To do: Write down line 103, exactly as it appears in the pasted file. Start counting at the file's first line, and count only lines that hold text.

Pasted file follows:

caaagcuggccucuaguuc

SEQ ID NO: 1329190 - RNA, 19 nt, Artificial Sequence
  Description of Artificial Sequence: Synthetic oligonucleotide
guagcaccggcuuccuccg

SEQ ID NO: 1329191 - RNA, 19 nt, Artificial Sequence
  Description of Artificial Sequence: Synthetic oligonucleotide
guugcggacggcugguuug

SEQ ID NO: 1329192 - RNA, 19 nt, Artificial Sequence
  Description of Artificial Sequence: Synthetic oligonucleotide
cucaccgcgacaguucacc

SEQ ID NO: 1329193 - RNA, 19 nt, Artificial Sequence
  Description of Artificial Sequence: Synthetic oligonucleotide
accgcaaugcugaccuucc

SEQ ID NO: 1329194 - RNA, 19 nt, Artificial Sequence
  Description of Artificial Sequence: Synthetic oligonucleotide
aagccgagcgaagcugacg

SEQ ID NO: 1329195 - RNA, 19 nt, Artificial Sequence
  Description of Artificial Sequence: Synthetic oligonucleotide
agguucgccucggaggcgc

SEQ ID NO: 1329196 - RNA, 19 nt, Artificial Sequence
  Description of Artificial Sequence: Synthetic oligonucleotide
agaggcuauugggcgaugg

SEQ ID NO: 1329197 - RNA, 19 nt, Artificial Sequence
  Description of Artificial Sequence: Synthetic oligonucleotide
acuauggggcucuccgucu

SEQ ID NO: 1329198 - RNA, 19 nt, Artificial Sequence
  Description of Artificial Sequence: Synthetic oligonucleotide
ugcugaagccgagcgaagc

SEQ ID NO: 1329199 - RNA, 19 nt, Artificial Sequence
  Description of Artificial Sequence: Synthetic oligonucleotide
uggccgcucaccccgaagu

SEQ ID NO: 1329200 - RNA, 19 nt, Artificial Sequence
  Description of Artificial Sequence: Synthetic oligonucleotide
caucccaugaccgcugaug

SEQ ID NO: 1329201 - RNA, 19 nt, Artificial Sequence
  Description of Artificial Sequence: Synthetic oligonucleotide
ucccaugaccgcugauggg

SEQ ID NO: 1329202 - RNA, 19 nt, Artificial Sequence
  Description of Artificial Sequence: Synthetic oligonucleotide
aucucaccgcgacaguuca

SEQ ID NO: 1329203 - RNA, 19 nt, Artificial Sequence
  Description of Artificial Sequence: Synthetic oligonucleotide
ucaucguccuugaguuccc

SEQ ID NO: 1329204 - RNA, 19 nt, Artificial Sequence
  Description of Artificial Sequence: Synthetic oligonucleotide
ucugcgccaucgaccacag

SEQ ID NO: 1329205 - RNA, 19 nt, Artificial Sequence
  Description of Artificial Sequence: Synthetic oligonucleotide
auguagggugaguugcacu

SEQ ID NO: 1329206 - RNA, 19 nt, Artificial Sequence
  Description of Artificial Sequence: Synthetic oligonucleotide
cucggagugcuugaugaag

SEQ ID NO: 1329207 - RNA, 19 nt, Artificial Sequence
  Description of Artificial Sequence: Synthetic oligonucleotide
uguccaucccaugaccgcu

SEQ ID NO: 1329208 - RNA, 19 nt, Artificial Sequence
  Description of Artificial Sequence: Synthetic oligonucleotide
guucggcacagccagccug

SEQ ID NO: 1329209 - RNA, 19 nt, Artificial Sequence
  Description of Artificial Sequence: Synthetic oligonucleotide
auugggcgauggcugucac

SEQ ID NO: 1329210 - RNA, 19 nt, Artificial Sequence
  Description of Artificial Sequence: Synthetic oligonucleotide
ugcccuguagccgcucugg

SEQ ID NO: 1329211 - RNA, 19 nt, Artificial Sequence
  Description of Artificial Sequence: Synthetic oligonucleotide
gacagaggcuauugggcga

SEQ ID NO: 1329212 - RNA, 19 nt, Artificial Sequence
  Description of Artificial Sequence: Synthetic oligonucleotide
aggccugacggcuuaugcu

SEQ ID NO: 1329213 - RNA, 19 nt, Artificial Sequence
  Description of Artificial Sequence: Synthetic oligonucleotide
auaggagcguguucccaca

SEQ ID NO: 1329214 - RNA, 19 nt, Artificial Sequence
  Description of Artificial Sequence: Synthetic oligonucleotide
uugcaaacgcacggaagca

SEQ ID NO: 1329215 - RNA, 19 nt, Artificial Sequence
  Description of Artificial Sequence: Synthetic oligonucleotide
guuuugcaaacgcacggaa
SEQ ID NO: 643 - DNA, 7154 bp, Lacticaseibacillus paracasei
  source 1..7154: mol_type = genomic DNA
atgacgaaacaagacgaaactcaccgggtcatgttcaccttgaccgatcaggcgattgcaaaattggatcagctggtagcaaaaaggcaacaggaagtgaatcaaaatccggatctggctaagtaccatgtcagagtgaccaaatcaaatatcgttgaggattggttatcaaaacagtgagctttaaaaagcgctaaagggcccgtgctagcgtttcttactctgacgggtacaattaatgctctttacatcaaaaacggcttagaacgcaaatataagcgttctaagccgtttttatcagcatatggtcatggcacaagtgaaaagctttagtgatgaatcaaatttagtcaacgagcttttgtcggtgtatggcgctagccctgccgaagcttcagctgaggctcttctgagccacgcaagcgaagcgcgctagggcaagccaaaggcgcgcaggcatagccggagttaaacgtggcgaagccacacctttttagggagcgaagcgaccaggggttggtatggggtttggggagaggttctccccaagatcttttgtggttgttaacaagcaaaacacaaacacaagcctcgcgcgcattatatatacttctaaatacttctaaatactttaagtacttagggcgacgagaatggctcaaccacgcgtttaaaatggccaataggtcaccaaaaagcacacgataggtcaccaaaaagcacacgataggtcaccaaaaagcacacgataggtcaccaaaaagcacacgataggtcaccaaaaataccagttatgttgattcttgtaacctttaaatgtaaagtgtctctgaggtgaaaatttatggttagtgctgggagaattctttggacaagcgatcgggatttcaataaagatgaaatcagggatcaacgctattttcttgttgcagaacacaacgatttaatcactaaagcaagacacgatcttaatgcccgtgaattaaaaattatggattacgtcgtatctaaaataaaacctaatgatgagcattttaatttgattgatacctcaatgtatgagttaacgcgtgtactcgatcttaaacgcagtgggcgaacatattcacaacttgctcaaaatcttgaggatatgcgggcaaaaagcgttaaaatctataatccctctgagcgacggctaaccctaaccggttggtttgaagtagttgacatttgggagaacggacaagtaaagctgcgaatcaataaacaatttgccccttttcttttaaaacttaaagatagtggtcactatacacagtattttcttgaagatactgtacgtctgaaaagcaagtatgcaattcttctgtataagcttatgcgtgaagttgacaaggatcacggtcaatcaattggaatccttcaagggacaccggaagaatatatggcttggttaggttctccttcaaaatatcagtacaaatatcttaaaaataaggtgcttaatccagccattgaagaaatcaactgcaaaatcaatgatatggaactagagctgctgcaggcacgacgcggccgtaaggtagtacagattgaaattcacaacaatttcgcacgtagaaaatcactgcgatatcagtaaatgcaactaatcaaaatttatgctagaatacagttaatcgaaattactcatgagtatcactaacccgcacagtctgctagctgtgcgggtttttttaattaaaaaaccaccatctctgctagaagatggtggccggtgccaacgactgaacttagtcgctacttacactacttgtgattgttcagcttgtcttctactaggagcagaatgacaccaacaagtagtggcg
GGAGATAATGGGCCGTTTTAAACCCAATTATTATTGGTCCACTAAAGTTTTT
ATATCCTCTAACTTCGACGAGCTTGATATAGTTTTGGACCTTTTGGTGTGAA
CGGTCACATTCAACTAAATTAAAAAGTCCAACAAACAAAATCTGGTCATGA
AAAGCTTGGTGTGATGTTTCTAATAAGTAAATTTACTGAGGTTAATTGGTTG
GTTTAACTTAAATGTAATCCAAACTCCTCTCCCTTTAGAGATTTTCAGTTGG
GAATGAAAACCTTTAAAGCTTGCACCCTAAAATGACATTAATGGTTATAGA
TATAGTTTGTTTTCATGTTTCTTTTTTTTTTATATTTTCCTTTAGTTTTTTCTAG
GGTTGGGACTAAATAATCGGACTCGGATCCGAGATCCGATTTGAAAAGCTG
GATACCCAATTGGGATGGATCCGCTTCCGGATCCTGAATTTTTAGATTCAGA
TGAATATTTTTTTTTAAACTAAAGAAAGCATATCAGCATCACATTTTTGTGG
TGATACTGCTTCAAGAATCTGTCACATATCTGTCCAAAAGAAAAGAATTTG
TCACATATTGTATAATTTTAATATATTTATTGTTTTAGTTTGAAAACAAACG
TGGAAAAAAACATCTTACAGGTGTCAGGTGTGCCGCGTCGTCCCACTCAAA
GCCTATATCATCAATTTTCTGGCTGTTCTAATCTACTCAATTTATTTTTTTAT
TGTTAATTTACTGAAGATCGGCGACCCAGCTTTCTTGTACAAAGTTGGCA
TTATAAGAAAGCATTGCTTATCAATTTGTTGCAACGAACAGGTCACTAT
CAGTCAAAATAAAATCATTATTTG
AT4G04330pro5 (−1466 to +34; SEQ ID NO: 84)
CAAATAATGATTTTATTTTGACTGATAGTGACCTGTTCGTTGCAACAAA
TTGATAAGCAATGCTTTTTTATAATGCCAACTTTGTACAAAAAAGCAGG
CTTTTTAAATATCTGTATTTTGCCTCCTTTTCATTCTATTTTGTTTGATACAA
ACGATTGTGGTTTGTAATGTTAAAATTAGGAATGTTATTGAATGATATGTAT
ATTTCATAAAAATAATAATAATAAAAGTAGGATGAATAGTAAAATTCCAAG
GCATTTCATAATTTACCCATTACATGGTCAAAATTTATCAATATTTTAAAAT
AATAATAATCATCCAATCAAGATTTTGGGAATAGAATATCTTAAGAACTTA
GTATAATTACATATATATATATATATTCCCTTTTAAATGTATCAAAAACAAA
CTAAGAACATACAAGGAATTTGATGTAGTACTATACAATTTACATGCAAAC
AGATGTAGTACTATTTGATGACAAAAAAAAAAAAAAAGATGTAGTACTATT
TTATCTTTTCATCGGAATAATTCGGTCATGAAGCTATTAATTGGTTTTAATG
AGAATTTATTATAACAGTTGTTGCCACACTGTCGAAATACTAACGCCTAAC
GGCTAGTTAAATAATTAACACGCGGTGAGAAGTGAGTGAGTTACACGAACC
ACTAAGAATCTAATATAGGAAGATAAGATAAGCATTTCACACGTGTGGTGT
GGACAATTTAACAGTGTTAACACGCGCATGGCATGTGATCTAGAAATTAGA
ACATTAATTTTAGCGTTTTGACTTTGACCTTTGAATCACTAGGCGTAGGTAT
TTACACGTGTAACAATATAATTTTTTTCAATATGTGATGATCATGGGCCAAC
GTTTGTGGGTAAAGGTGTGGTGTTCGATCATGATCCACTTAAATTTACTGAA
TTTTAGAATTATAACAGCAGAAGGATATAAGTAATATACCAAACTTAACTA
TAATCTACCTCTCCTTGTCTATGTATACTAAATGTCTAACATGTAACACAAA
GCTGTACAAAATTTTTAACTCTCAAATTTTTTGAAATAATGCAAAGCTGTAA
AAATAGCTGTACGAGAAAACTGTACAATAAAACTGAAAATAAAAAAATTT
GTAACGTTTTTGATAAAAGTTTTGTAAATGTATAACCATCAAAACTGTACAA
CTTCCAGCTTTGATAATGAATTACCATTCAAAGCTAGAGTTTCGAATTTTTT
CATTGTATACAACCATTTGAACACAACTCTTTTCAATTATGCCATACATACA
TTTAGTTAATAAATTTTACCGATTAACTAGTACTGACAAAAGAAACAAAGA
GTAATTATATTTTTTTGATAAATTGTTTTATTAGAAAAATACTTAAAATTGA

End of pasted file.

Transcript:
CTTTTTAAATATCTGTATTTTGCCTCCTTTTCATTCTATTTTGTTTGATACAA